A couple weeks back I was lucky enough to talk with one, Cory Edwards, creator and lead voice for one of Shut Up! Cartoons real jewels in online entertainment, Krogzilla Gets a Job. I actually had a chance to review the pilot of which you can read here, but since then Cory has done a really great job of churning out consistent material. After the jump, see how the green sea monster came to life!
How did you first get started with Krogzilla??
Well it’s funny. I’m working in feature films and I wasn’t looking to do a web series, although I’ve always been fascinated with a lot of the new media, the online media and new ways to get content out there. I’m still working on my feature film projects, but Carolyn Bates sought me out. We had crossed paths on Hoodwinked! Too, the sequel that I wrote and she presented me with this opportunity and it’s definitely a smaller project than a feature film, but what it gave me was a lot of creative freedom, a big open door to watch something get made in a short amount of time and to reach a very wide audience as I’m finding out very quickly and then the meeting with Barry that was another real open door to pitch content, wildly different content. I think I pitched him about eight different ideas that I thought would make kind of—that you could do in small episodes and he said I like these two, pick one of those and do it and then he just basically handed me the budget and I’ve gotten a few notes here and there, but it’s nothing compared to a TV show or a feature film and so it’s been a lot of creative freedom and it’s let me cut loose and that has been really satisfying because I think a lot of creative projects that involve a lot of money and a lot of people get bogged down in decisions by committee and they and Shut Up! Cartoons have stayed true to their mantra of shutting up and letting the creators work. And it’s been a lot of fun and as far as the concept itself I’ve always had this thought in the back of my mind of a sea monster, a Godzilla style sea monster doing something very mundane, being subjected to the most basic of life situations.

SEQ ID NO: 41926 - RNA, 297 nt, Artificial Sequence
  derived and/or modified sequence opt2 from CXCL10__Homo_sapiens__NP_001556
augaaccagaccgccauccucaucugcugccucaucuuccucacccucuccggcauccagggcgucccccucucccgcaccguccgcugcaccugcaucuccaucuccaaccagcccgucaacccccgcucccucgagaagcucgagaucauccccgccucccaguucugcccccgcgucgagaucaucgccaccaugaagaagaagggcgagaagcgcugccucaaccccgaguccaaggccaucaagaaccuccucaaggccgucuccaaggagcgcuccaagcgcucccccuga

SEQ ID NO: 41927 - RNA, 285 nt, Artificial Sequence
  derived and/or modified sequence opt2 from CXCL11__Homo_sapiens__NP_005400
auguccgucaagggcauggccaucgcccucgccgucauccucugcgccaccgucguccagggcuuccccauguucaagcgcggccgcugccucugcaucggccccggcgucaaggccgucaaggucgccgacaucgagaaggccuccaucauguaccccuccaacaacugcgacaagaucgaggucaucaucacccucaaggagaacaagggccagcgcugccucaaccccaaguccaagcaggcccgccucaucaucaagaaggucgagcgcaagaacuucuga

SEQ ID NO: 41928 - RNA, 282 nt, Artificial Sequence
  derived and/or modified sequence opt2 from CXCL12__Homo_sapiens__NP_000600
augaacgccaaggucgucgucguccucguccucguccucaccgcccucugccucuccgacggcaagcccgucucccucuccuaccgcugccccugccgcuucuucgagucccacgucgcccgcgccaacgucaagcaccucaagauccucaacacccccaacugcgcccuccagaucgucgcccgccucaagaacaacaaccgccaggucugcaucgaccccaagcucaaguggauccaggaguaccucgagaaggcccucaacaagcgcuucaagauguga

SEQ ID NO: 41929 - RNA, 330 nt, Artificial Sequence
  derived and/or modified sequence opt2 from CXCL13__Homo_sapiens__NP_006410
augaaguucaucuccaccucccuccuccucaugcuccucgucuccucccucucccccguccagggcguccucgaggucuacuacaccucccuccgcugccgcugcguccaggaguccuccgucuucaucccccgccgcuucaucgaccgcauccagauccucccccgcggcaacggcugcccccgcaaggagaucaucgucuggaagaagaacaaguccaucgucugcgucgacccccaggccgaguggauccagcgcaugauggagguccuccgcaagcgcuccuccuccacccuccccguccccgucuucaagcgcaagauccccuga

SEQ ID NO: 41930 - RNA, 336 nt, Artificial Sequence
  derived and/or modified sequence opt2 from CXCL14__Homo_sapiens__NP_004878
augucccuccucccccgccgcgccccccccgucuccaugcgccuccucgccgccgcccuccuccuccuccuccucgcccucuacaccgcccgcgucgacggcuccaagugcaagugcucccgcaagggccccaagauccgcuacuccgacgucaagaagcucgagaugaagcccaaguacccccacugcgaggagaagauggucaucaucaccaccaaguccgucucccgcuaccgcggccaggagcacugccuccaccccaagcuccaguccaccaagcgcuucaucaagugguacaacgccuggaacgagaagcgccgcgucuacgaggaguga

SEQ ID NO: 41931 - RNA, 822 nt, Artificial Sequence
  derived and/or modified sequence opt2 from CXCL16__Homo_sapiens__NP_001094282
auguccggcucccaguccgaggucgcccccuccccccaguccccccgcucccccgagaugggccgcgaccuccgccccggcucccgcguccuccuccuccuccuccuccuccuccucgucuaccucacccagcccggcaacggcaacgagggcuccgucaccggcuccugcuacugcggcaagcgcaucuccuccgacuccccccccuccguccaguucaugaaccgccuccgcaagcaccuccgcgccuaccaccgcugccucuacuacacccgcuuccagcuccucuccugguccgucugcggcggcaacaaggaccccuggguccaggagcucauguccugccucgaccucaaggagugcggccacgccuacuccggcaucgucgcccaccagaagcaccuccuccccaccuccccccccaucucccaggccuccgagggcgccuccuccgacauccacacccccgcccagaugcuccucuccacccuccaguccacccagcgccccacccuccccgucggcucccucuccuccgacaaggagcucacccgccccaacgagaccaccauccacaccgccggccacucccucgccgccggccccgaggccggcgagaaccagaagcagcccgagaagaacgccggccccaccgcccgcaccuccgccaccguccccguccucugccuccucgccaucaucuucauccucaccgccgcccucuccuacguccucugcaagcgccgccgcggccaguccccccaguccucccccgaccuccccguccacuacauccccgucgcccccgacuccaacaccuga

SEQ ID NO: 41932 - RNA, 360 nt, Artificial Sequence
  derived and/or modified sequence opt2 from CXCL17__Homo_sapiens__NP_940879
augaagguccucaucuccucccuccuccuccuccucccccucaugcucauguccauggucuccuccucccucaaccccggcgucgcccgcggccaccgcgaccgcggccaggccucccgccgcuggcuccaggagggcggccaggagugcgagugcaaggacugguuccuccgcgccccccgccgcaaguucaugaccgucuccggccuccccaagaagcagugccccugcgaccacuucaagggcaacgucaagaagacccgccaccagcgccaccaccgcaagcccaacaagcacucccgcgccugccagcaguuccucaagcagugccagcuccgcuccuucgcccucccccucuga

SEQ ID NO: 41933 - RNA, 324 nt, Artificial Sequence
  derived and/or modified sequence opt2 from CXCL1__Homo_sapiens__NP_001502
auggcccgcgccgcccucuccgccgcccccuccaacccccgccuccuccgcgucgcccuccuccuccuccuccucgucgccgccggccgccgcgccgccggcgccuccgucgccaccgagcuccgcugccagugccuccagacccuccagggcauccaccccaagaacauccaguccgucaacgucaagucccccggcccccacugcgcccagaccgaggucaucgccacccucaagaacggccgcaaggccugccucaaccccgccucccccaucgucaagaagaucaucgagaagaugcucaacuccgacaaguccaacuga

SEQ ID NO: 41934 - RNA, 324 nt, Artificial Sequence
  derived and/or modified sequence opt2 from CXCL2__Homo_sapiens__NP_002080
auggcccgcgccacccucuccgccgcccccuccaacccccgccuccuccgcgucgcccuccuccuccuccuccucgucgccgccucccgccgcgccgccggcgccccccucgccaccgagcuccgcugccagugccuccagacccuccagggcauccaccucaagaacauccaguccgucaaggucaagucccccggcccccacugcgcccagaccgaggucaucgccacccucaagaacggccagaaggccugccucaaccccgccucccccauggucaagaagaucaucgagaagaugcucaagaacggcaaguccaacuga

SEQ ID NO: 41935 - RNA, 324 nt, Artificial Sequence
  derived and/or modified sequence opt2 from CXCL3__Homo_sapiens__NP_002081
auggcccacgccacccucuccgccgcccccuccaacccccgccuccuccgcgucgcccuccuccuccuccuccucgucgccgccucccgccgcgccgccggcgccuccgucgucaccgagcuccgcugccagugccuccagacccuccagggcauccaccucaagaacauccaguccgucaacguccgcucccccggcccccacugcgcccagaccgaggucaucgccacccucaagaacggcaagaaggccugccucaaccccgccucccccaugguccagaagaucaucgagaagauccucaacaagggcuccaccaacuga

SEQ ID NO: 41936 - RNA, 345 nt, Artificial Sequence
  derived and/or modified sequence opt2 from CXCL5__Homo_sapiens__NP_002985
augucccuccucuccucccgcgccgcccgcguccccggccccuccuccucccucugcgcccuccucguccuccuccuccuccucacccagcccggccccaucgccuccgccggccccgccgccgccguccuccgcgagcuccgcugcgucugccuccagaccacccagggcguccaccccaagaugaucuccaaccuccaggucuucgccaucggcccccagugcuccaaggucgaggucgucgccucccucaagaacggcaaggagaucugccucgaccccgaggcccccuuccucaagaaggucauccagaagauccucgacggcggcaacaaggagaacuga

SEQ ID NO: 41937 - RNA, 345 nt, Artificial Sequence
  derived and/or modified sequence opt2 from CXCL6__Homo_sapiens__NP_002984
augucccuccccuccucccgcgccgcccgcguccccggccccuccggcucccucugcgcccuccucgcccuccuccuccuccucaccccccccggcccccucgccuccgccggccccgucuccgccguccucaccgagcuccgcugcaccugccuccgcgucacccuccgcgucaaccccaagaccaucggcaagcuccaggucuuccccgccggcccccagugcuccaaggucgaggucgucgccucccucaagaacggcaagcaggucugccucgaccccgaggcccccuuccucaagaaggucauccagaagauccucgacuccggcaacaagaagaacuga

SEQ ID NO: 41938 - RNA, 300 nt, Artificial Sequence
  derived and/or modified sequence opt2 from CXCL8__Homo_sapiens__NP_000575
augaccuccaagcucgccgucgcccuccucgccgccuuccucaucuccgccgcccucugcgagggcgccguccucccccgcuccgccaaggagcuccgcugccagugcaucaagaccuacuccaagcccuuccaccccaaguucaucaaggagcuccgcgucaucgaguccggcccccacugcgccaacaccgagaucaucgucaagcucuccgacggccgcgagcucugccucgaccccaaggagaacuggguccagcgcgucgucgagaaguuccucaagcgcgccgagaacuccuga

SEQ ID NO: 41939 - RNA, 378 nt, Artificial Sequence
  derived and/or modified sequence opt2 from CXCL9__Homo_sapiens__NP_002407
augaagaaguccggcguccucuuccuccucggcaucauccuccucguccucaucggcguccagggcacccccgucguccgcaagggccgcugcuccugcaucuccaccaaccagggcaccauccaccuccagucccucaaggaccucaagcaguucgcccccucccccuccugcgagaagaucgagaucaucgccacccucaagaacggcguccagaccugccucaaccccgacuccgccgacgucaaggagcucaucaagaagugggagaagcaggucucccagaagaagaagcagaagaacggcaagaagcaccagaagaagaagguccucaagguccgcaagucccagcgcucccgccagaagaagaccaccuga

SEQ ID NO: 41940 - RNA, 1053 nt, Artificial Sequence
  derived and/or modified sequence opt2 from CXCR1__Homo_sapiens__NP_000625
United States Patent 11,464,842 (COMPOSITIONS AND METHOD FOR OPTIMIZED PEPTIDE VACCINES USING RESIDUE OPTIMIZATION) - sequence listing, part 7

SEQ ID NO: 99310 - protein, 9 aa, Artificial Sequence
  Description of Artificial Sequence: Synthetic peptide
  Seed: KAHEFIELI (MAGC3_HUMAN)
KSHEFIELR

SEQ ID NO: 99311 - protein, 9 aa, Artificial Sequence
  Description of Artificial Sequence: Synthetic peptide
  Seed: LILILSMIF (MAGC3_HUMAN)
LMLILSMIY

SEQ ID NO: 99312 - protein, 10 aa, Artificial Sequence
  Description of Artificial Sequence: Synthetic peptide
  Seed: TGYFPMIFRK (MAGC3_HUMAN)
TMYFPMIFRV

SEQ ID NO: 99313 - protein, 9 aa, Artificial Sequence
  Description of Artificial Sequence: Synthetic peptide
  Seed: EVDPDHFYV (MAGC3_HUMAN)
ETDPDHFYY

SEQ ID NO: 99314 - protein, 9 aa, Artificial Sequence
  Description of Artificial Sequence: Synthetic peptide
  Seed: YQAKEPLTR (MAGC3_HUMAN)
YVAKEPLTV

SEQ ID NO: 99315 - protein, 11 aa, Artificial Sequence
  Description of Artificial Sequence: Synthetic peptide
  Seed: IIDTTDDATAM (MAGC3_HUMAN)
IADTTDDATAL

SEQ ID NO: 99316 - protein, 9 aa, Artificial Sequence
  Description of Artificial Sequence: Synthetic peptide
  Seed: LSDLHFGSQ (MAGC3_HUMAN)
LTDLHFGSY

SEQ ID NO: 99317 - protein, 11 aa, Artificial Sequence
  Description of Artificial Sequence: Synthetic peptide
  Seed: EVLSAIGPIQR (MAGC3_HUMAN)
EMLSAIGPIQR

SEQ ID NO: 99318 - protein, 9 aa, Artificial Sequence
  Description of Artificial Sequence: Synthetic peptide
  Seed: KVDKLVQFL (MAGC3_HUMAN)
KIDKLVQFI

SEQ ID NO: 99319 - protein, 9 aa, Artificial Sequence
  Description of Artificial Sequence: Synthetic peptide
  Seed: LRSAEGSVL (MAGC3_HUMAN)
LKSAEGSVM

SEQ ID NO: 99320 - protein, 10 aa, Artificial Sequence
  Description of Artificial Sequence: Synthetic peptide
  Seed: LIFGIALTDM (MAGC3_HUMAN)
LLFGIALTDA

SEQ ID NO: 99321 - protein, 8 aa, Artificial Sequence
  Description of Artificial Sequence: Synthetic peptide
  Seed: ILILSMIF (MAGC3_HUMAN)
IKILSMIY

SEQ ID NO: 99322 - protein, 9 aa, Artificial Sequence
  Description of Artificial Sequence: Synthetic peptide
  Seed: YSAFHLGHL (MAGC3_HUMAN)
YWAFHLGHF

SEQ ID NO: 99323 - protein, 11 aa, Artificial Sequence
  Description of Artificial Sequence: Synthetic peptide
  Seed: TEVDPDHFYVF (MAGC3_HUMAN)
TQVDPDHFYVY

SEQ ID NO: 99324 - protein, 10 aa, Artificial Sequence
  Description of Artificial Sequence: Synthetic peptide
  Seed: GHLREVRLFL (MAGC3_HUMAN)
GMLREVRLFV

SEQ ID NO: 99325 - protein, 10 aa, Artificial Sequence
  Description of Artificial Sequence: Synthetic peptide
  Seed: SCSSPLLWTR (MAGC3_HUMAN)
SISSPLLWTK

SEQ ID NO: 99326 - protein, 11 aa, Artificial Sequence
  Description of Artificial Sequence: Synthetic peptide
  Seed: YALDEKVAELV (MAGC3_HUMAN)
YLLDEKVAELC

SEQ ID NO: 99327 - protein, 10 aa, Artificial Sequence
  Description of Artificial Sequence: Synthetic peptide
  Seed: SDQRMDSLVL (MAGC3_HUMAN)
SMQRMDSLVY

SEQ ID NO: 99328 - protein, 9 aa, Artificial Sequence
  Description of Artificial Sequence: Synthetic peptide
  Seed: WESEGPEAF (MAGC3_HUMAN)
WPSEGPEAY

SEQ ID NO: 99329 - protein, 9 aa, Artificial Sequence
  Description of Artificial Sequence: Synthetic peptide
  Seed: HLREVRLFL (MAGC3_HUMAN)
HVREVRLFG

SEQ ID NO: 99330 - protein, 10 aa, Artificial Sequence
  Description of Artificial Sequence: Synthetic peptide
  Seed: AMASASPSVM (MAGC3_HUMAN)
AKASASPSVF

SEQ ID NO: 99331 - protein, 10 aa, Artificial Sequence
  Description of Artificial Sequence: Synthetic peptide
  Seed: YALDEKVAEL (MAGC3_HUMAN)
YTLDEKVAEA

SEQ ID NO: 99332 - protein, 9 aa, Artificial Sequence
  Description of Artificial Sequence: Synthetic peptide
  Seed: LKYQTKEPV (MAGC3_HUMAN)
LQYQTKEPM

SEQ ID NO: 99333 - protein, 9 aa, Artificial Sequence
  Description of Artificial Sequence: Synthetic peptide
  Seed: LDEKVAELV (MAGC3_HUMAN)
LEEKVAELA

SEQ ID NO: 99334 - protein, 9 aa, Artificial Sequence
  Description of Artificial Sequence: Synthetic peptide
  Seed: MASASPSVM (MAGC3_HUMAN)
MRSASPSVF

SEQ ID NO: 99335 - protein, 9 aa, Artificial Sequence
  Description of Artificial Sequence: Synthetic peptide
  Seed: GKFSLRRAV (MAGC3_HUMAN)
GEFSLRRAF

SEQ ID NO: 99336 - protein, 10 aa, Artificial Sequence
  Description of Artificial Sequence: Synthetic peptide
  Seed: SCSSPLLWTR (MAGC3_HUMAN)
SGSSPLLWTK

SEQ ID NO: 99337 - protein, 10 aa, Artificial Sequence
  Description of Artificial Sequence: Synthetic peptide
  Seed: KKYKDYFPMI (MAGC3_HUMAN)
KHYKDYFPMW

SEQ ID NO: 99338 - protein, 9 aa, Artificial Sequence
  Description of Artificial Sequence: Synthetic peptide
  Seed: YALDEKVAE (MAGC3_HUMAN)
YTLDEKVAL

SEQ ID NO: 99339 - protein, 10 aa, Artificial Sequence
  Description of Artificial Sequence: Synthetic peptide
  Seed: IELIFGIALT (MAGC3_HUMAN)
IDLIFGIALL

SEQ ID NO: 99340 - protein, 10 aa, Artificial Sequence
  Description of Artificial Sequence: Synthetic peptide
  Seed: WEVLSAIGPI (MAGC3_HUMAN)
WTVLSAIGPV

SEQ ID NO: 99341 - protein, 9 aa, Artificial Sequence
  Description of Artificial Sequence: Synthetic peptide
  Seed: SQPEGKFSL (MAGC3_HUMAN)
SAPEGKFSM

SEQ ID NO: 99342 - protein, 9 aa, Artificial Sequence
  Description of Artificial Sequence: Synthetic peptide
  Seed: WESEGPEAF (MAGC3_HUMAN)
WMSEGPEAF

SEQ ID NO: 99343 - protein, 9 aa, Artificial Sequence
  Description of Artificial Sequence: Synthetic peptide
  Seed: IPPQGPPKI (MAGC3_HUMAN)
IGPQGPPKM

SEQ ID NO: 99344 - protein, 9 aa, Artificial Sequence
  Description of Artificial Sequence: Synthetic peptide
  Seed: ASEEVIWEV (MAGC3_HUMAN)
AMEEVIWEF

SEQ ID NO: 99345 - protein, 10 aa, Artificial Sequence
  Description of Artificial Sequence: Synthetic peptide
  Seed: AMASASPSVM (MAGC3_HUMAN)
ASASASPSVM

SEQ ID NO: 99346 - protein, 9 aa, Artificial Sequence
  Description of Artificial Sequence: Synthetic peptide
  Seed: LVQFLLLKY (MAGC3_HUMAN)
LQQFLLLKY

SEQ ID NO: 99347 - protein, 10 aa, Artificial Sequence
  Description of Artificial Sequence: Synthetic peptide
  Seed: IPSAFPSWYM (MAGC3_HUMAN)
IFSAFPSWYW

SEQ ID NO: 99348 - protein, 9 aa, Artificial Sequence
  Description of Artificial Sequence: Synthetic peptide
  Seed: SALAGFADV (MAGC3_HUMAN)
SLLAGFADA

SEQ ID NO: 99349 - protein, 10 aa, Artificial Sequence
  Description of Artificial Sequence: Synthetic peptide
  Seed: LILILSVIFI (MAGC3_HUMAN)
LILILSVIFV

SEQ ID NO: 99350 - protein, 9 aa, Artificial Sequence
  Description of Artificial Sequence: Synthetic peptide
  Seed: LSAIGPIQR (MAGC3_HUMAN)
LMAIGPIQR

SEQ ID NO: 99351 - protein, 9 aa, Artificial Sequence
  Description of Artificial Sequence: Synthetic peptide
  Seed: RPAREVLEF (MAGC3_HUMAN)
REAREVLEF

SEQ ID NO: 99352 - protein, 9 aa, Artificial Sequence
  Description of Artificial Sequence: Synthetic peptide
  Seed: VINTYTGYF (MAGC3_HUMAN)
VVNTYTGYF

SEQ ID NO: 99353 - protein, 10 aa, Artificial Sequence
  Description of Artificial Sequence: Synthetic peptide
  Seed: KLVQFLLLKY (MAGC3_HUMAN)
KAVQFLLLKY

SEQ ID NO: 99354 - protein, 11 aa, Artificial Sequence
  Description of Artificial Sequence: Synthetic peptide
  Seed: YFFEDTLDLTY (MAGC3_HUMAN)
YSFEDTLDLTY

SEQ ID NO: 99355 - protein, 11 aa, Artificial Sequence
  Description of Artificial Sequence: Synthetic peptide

I think that anything fantastical like a monster or an alien or a robot doing something really, really mundane and commonplace is funny. Anytime you can get a monster doing something really simple like pouring coffee or working a copy machine or riding a bicycle it’s all funny. So I’ve always had that in the back of my head and that really rose to the top as the favorite idea, but I’ve had a lot of fun with it.
Are there some similarities with the way you approached your prior work like Hoodwinked as compared to how you approach Krogzilla?